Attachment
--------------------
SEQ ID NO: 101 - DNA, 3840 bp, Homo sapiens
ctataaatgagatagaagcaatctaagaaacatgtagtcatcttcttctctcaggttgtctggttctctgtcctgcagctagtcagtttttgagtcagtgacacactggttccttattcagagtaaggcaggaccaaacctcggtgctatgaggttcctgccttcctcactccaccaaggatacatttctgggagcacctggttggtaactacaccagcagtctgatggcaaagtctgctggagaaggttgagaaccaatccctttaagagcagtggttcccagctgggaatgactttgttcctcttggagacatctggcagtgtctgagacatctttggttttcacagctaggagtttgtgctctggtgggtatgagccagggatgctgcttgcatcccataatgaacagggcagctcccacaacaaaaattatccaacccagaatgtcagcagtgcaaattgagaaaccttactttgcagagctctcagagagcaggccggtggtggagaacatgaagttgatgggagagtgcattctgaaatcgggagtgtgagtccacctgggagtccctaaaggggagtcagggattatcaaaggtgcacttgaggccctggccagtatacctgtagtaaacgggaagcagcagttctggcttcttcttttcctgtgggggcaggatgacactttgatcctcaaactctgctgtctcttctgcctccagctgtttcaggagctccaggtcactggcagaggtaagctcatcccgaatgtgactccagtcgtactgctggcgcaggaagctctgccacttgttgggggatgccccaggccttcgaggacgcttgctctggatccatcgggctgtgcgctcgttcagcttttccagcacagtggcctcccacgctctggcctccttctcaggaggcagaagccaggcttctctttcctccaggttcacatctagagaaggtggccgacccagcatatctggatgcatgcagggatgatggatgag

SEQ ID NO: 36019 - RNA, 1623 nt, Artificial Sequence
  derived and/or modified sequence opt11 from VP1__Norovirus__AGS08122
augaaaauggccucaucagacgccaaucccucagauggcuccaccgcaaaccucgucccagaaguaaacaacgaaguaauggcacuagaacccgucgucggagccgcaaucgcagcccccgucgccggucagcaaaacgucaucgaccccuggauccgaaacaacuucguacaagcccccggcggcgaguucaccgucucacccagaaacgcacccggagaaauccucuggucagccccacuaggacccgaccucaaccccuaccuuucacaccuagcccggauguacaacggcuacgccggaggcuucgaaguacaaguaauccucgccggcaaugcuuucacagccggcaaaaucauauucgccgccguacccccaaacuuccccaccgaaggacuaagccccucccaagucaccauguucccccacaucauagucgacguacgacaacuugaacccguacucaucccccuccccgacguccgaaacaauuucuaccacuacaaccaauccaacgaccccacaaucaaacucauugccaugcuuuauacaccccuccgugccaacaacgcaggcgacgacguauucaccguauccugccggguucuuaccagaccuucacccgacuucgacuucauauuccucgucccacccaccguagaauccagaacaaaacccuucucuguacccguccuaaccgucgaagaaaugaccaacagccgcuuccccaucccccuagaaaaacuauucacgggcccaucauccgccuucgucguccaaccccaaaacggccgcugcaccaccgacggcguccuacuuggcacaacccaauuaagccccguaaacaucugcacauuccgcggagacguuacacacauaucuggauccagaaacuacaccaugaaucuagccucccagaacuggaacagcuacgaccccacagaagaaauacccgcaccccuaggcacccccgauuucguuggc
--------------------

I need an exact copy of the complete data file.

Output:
SEQ ID NO: 101 - DNA, 3840 bp, Homo sapiens
ctataaatgagatagaagcaatctaagaaacatgtagtcatcttcttctctcaggttgtctggttctctgtcctgcagctagtcagtttttgagtcagtgacacactggttccttattcagagtaaggcaggaccaaacctcggtgctatgaggttcctgccttcctcactccaccaaggatacatttctgggagcacctggttggtaactacaccagcagtctgatggcaaagtctgctggagaaggttgagaaccaatccctttaagagcagtggttcccagctgggaatgactttgttcctcttggagacatctggcagtgtctgagacatctttggttttcacagctaggagtttgtgctctggtgggtatgagccagggatgctgcttgcatcccataatgaacagggcagctcccacaacaaaaattatccaacccagaatgtcagcagtgcaaattgagaaaccttactttgcagagctctcagagagcaggccggtggtggagaacatgaagttgatgggagagtgcattctgaaatcgggagtgtgagtccacctgggagtccctaaaggggagtcagggattatcaaaggtgcacttgaggccctggccagtatacctgtagtaaacgggaagcagcagttctggcttcttcttttcctgtgggggcaggatgacactttgatcctcaaactctgctgtctcttctgcctccagctgtttcaggagctccaggtcactggcagaggtaagctcatcccgaatgtgactccagtcgtactgctggcgcaggaagctctgccacttgttgggggatgccccaggccttcgaggacgcttgctctggatccatcgggctgtgcgctcgttcagcttttccagcacagtggcctcccacgctctggcctccttctcaggaggcagaagccaggcttctctttcctccaggttcacatctagagaaggtggccgacccagcatatctggatgcatgcagggatgatggatgag

SEQ ID NO: 36019 - RNA, 1623 nt, Artificial Sequence
  derived and/or modified sequence opt11 from VP1__Norovirus__AGS08122
augaaaauggccucaucagacgccaaucccucagauggcuccaccgcaaaccucgucccagaaguaaacaacgaaguaauggcacuagaacccgucgucggagccgcaaucgcagcccccgucgccggucagcaaaacgucaucgaccccuggauccgaaacaacuucguacaagcccccggcggcgaguucaccgucucacccagaaacgcacccggagaaauccucuggucagccccacuaggacccgaccucaaccccuaccuuucacaccuagcccggauguacaacggcuacgccggaggcuucgaaguacaaguaauccucgccggcaaugcuuucacagccggcaaaaucauauucgccgccguacccccaaacuuccccaccgaaggacuaagccccucccaagucaccauguucccccacaucauagucgacguacgacaacuugaacccguacucaucccccuccccgacguccgaaacaauuucuaccacuacaaccaauccaacgaccccacaaucaaacucauugccaugcuuuauacaccccuccgugccaacaacgcaggcgacgacguauucaccguauccugccggguucuuaccagaccuucacccgacuucgacuucauauuccucgucccacccaccguagaauccagaacaaaacccuucucuguacccguccuaaccgucgaagaaaugaccaacagccgcuuccccaucccccuagaaaaacuauucacgggcccaucauccgccuucgucguccaaccccaaaacggccgcugcaccaccgacggcguccuacuuggcacaacccaauuaagccccguaaacaucugcacauuccgcggagacguuacacacauaucuggauccagaaacuacaccaugaaucuagccucccagaacuggaacagcuacgaccccacagaagaaauacccgcaccccuaggcacccccgauuucguuggc